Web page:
Let me preface this by saying that I am by no means a grammar snob. Most of my writing is riddled with things the fatcats at MLA headquarters wouldn’t approve of1. Dangling my participles, the reader is forced to find their proper subject. I love nothing more than to maniacally use split infinitives, imagining the horror Strunk and White would feel upon reading the phrase. And as for emoticons appearing in published writing, all I have to say is : | ===> (that’s right, that’s me sticking my creepily-long tongue out in defiance).
But there are a few grammatical/stylistic rules I hold near and dear to my heart: always use serial commas, as with your love, justify your text, and never, under any circumstance, use a semi-colon. To quote someone I say is one of my favorite authors so I look smart even though I’ve only read like one of his books:
Here is a lesson in creative writing. First rule: Do not use semicolons. They are transvestite hermaphrodites representing absolutely nothing. All they do is show you’ve been to college.
-Kurt Vonnegut, “A Man Without a Country”
Preaching to the choir, Kurt. No one likes a transvestite hermaphrodite, not even in punctuation form (sorry ampersand…. it’s not you, it’s me). Yet one of my favorite stylistic tools has come under fire from a member of the literati over at The Paris Review, who frowns like this : ( upon the use of bullet points and numbered lists in creative writing. He writes:
The numbered essay is a tic. It’s a way for a lazy writer to string together ideas without attempting to chart the myelin that connects them. The western world is confusing, confused, random, atomized, unsourced, diverse, unequal, ironic, relative, scary, disconnected, tedious, and full of Michael Bay–style fast cuts. More than ever we need writers who have the courage to take the time to explain it with humility and not quarter-clever posturing.
Ouch. If I were a bullet point or numbered list I would cry like this : ‘ ‘ ‘ ( after reading that blistering critique. As Monsieur Bernstein even admits in the above-quoted hit piece, even God used numbered lists (cf. Ten Commandments), and while I’m not a religious man, anyone who can immaculately conceive a son is alright in my book. So consider this my holy quest to defend the righteousness of bullet points. In appropriate bullet point form, here’s why bullet points are awesome:
- Bullet points, they’re a marvelous thing
- Bullet points, they’re a wonderful toy
- Bullet points, they’re fun for a girl and a boy
- Also, bullet points go downstairs, alone or in pairs
Wait sorry, I’m confusing bullet points with something else. Let me try this again. Here’s really why bullet points are awesome:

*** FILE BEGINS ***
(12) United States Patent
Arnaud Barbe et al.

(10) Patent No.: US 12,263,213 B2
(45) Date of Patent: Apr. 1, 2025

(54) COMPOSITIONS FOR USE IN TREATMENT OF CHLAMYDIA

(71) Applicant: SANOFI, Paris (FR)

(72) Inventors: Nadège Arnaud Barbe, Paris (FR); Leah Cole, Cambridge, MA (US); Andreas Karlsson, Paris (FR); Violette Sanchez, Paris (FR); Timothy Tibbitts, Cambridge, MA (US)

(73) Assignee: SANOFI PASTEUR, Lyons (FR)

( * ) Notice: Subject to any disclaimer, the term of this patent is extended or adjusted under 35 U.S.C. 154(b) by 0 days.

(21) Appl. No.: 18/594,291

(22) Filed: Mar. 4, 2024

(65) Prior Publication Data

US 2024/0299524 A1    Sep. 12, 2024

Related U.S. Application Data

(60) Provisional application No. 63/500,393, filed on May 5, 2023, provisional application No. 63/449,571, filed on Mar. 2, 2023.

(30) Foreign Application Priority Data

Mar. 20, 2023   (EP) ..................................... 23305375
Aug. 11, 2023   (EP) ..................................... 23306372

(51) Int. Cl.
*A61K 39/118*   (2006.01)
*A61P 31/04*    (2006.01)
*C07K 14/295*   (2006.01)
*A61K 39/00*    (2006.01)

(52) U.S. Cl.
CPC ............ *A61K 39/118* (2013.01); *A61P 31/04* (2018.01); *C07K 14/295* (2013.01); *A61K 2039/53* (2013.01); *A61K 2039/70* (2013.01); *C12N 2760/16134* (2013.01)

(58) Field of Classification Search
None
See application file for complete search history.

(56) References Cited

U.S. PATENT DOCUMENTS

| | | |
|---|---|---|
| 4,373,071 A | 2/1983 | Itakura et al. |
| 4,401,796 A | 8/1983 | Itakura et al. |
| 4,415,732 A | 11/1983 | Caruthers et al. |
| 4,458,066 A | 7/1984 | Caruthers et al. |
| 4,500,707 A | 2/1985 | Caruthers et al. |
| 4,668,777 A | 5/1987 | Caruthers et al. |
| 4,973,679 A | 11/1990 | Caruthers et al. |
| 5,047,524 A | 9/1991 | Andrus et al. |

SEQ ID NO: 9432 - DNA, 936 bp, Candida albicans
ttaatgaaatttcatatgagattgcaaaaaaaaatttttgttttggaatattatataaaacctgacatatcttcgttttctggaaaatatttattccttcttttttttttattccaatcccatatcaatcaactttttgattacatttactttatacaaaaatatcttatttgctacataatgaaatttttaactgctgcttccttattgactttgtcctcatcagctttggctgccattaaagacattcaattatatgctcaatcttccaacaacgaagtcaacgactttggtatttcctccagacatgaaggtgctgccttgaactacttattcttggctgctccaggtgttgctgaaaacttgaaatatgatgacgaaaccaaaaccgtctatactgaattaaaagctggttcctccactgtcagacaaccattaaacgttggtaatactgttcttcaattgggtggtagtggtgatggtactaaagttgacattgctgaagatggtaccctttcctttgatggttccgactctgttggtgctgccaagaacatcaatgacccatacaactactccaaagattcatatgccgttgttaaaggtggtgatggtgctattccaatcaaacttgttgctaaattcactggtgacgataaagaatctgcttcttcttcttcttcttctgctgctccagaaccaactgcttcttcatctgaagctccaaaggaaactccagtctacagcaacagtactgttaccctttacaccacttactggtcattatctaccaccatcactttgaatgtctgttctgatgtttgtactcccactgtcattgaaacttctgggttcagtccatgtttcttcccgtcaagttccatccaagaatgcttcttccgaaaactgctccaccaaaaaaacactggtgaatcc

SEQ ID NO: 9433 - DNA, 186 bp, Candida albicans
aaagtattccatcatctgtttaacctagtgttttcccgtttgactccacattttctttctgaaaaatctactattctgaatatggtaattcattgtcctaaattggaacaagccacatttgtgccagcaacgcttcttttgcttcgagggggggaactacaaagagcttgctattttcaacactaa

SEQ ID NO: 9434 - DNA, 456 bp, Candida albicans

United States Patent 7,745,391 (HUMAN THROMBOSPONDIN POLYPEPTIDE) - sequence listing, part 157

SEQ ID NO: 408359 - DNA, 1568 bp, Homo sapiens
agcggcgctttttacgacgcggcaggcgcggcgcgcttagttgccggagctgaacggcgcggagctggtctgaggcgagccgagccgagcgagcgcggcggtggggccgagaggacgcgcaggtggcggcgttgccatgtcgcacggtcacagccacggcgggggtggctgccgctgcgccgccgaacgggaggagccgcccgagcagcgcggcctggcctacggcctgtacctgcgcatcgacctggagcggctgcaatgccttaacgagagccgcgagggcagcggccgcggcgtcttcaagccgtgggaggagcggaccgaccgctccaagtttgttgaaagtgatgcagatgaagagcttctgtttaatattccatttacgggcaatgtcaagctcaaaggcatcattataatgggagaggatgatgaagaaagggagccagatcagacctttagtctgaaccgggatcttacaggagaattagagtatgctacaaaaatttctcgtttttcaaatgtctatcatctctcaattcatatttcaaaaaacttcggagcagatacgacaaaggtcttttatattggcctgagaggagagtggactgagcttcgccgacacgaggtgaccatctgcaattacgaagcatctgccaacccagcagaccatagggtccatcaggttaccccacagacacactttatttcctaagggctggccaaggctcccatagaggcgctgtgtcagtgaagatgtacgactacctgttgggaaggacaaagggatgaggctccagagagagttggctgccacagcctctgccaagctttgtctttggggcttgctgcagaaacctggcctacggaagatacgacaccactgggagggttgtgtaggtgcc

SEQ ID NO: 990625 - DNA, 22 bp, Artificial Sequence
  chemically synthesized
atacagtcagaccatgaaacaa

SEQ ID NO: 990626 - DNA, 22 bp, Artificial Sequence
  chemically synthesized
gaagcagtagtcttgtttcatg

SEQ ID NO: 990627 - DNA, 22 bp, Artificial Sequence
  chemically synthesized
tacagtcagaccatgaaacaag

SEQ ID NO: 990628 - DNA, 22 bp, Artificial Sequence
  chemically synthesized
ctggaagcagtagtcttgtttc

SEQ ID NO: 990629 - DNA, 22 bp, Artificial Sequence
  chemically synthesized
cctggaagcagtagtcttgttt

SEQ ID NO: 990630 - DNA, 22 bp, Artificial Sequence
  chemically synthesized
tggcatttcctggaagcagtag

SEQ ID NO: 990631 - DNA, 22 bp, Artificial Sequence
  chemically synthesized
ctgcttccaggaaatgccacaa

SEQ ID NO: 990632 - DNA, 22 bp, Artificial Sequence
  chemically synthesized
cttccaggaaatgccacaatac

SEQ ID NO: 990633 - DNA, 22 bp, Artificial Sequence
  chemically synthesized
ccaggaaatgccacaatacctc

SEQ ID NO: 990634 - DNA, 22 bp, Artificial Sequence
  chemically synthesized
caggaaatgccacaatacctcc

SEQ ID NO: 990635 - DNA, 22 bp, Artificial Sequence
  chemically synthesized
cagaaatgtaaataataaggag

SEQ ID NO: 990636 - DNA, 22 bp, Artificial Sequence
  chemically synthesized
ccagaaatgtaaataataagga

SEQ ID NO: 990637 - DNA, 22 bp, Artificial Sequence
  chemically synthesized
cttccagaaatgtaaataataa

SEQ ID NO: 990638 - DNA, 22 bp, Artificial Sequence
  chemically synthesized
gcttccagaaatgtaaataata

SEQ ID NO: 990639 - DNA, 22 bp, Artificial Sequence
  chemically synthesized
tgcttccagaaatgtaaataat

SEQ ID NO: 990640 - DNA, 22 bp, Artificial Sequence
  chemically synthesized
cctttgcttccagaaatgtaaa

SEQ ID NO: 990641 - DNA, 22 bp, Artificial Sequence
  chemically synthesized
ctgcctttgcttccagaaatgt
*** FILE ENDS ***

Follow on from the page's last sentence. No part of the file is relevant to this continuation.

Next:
- Bullet points are the new prose, because while people read only 75% of the words on a given article, they read 100% of the words written in short, sweet, and aesthetically pleasing bullet-point format
- I’m 70% sure about the above statement
- But 100% sure you’re reading this
- Two words: No. punctuation. Needed.
- Bullet points are superior to their kindred spirit, the numbered list, because no ranking is implied via bullet point
- If the Ten Commandments were written in bullet points, we’d all be as quick to obey Commandment #1 as we are Commandment #10. Instead, I figure its no big deal to covet my neighbor’s wife as long as I tone down the false idol worship.
- Oh how I covet you, Mrs. Robinson
- Rankings and values can still be conveyed via bullet points by either bullet point size or color.
- This bullet point is deep aubergine. Hence, more important
This is a massive bullet point. It’s not important, just a typo
- This is dark taupe. Importance = meh.
- Bullet points look like an all-licorice variation of candy tape.
- I don’t even like licorice, but I just licked my monitor.
- That never would have happened with Roman numbers, a.k.a. the red-headed stepchild of bullet points and numbered lists.
- Note to students: bullet points extend page length in a more subtle way than:
- increasing margins
- larger font size
- Or you can play around with the indentation of them to get to that page minimum
- Like this
Now that I’ve convinced you of the utility–nay, superiority–of bullet points, let me end on a cautionary note (via bullet points, of course):
- When using bullet points, list no more than 12 consecutively without breaking them into sub-headings. Bullet points beyond this number may result in sensory overload, which if still present after 4 hours, warrants a call to your doctor
- Don’t count the number of bullet points I wrote above
- Bullet points don’t kill people, people kill people
- Also sometimes bad writing does too
1 Bonus points for picking out the grammatical “mistake” here that was totally intentional(ish)